City officials in San Diego Wednesday announced a new slate of law enforcement strategies designed to curb a recent surge in local violent crime, and address a worrisome proliferation of unregistered “ghost guns.”
“Our city is experiencing an increase in violent crime — specifically gun violence — that has to be addressed,” Mayor Todd Gloria said. “This plan is a commonsense approach to reduce crime and protect San Diegans in every neighborhood.”
Spurring the changes in San Diego Police Department policy, according to SDPD officials, is a rash of violent crime that has plagued the city this year, a series of offenses that include:
- Seven gang-related homicides, compared with four in 2020
- Three attempted-homicide cases, compared with one at this time last year
- A total of 34 assaults with a deadly weapon, compared with 19 in 2020;
- Nine drive-by shootings, compared with two in 2020
“The increased violence our communities are experiencing is cause for new measures to address it,” Police Chief David Nisleit said. “Our Violence Reduction Plan and new Ghost Gun Team will combine proactive policing with special investigations to use knowledge and expertise to find those who are causing this violence and stop it before it happens. Every San Diegan deserves to feel safe, and we believe these efforts will help us in reaching that goal.”
The new policing measures, according to Nisleit, include:
- Assigning additional investigative personnel and specialized teams to violent and firearm-related crimes
- Gathering information and performing “intelligence-led” enforcement of suspected problem areas
- Sharing intelligence and maintaining contact with outside agencies
- Utilizing added investigative techniques to monitor, locate and arrest wanted suspects and those illegally possessing firearms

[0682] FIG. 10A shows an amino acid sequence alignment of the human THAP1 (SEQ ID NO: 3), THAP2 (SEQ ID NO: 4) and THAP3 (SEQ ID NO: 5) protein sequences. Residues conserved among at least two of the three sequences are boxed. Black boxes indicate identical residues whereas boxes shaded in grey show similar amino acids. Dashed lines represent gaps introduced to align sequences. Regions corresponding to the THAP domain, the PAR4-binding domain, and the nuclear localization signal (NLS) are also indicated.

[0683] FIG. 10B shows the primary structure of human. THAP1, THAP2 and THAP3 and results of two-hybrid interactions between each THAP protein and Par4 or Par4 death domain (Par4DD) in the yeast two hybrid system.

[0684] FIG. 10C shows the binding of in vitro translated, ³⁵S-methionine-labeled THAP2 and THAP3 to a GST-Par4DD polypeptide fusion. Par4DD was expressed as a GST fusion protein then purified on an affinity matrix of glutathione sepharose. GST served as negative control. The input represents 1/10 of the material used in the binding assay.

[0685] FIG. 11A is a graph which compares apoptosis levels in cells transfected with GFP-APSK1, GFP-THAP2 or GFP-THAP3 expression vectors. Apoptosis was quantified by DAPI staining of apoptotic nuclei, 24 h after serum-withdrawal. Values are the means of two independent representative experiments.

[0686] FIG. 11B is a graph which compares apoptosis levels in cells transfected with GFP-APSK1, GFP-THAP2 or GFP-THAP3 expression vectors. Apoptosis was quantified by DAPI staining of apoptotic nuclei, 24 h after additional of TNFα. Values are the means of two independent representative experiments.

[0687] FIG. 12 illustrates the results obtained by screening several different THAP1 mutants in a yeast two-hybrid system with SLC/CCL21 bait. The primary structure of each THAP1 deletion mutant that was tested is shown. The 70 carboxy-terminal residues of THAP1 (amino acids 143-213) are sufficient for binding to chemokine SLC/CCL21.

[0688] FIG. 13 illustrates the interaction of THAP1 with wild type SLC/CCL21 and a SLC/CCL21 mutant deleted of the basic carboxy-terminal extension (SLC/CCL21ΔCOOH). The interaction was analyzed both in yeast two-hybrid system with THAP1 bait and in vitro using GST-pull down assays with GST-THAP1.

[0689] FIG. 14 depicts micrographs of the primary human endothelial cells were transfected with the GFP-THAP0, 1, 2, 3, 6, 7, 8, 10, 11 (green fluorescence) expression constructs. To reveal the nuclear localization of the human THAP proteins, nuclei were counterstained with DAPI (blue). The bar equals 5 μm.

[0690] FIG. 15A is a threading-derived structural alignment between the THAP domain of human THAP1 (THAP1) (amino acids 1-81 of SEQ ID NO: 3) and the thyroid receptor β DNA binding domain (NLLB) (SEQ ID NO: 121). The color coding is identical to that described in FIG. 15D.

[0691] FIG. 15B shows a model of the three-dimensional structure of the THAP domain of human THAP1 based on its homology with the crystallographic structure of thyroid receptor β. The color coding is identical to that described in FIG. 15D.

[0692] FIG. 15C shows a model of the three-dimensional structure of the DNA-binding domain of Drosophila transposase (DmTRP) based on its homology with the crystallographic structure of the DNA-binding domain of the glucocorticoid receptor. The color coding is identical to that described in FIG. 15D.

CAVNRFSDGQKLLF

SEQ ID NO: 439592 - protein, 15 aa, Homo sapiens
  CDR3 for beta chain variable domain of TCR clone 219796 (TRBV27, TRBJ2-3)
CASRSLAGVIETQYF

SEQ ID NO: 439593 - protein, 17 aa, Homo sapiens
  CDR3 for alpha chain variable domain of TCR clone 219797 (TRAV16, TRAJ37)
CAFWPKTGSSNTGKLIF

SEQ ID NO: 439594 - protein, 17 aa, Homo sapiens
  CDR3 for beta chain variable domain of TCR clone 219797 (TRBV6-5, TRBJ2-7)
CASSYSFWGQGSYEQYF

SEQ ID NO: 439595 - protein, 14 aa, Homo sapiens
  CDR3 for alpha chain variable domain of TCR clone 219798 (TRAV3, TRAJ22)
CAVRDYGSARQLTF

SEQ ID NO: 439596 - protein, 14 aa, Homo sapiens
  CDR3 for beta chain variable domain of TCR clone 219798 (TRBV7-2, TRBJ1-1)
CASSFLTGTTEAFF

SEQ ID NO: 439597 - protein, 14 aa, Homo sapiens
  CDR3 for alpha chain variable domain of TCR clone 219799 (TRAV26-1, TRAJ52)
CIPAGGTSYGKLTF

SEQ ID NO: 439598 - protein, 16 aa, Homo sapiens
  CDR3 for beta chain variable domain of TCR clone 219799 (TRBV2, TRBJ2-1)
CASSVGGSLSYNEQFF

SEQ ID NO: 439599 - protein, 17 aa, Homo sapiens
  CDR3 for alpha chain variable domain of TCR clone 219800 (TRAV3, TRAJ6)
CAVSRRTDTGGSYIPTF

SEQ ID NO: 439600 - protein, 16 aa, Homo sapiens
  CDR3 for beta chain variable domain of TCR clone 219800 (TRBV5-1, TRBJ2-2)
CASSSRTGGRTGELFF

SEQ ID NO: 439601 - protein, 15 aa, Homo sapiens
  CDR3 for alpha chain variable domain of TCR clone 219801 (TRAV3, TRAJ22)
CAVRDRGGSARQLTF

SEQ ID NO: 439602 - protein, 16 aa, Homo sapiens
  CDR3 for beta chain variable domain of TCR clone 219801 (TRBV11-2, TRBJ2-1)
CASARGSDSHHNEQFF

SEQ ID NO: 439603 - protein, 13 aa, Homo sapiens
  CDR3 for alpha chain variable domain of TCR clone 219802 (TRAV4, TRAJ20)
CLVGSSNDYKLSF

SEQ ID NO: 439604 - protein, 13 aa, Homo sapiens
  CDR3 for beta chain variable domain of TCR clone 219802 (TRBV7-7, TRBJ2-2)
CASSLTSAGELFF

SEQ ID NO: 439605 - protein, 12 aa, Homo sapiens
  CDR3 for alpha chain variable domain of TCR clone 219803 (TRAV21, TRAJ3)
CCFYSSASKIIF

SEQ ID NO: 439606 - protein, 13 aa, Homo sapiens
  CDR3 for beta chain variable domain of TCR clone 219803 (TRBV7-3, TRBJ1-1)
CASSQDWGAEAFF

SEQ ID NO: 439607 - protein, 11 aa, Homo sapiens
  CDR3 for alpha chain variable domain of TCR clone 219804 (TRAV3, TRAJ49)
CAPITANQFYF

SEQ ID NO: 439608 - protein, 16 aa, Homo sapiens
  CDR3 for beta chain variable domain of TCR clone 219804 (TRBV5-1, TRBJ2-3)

The plan, which officially went into effect last Friday, will be reassessed monthly, according to police.
City Councilman Raul Campillo praised the SDPD for its upgraded and targeted enforcement plans.
“I have personally seen the lifesaving effects that commonsense firearm-safety measures can have as a former member of City Attorney’s Gun Violence Response Unit,” Campillo said. “We urgently need to take action to protect our neighborhoods from untraceable ghost guns, which have sadly been used in numerous homicides in San Diego.”
Councilwoman Marni von Wilpert asserted that city officials “must do everything possible to protect our neighborhoods from rising gun violence.”
“In San Diego and around the country, gun violence is fueled by the spread of non-serialized, untraceable ghost guns, and San Diego must do everything we can to keep guns out of the hands of dangerous individuals,” she said. “Now is the time to act to protect our communities, and I commend the San Diego Police Department for their efforts to combat gun violence with the creation of the newly established Ghost Gun Team.”
The specialized firearm unit will serve as a resource to patrol officers, detectives and specialized policing units when ghost guns — homemade, kit-built firearms that lack serial numbers — are discovered during an arrest or investigation, according to SDPD officials.
The department has already recovered more ghost guns in the first half of this year than it did in all of 2020, police said. The vast majority of the weapons are seized from people who cannot pass state or federal background checks because of a criminal conviction involving a felony or violent misdemeanor.
City News Service contributed to this article.